This architecture relies on the confluence of several different technologies: elastic cloud, big data, AI and the Internet of Things (IoT). Digital transformation is no longer simply about improving operations. Instead, it will disrupt business models to their core and change how we think.
At the heart of this transformation is AI. Companies that invest in the technology often go on to create labs for experimentation and become real centres of innovation. They attract specialist and expert personnel while creating a new infrastructure for their digital business models as a result of the potential it creates.
Indeed, our research shows more than eight out of ten (81 per cent) adopters of AI are seeing benefits. The greatest performance improvements expected from AI over the next three years include gaining faster insights from data (78 per cent), reducing manual tasks (77 per cent) and improving decision-making (77 per cent).
On the rates of adoption by risk use case, companies were expecting process automation to be the biggest AI-related improvement. Credit scoring, data cleansing and enhancements, and risk grading weren’t far behind.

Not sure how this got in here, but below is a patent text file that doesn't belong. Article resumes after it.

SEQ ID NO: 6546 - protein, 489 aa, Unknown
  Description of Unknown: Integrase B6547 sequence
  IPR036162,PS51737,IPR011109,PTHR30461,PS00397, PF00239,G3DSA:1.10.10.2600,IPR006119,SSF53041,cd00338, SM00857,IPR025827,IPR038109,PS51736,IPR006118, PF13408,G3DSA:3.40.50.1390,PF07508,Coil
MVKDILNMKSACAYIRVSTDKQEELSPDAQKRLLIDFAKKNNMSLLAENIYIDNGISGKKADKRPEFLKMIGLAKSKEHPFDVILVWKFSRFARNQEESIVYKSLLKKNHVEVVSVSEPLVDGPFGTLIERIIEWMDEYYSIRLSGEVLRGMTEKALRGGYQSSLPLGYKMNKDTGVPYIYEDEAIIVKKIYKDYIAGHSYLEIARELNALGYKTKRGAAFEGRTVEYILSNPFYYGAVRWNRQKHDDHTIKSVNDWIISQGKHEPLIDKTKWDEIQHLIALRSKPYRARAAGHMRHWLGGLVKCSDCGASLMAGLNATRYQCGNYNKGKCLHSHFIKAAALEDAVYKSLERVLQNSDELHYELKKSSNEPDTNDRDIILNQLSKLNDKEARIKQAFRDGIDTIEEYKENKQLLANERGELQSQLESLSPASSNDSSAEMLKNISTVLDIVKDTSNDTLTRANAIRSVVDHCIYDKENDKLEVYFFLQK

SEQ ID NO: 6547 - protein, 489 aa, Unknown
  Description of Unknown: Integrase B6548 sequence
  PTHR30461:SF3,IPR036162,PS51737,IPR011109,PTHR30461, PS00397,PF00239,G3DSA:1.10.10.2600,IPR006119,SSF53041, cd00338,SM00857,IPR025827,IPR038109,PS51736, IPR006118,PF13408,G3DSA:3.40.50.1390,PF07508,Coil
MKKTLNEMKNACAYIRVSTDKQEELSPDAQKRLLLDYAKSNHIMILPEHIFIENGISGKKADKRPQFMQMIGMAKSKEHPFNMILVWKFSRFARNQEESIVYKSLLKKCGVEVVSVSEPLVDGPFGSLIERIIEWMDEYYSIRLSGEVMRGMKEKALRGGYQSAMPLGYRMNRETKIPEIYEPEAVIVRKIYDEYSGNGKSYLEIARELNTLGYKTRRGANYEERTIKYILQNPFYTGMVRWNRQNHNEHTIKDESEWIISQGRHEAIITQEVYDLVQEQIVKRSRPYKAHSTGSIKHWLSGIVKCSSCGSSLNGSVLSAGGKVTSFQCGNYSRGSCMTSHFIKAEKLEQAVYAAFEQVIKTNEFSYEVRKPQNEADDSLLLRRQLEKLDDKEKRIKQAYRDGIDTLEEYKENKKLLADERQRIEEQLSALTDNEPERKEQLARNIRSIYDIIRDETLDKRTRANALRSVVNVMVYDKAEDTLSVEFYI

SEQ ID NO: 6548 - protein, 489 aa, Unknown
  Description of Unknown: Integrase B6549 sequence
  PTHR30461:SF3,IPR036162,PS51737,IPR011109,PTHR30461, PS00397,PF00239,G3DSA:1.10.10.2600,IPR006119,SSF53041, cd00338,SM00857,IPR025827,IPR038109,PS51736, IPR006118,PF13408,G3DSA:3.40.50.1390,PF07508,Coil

Facing down the challenges
With financial institutions facing a battle for skilled MRM-capable staff, it makes sense to adopt an AI strategy that automates the most basic processes. AI can assist with automated model documentation, populating validation documents from the model inventory, and in the near-future natural language processing will allow additional insights to be included in textual form.
AI can also provide an automated model usage logging system and identify areas where models have been used for which they are not validated, or indeed identify models that are no longer being used.
There’s also huge potential to create automated alerts for identifying where models are failing to perform or where they shouldn’t be used due to a change in the environment. So, if a model tracks interest rates, it can trigger an alert if they rise above a certain level - a risk factor that would otherwise be missed amongst a mass of data.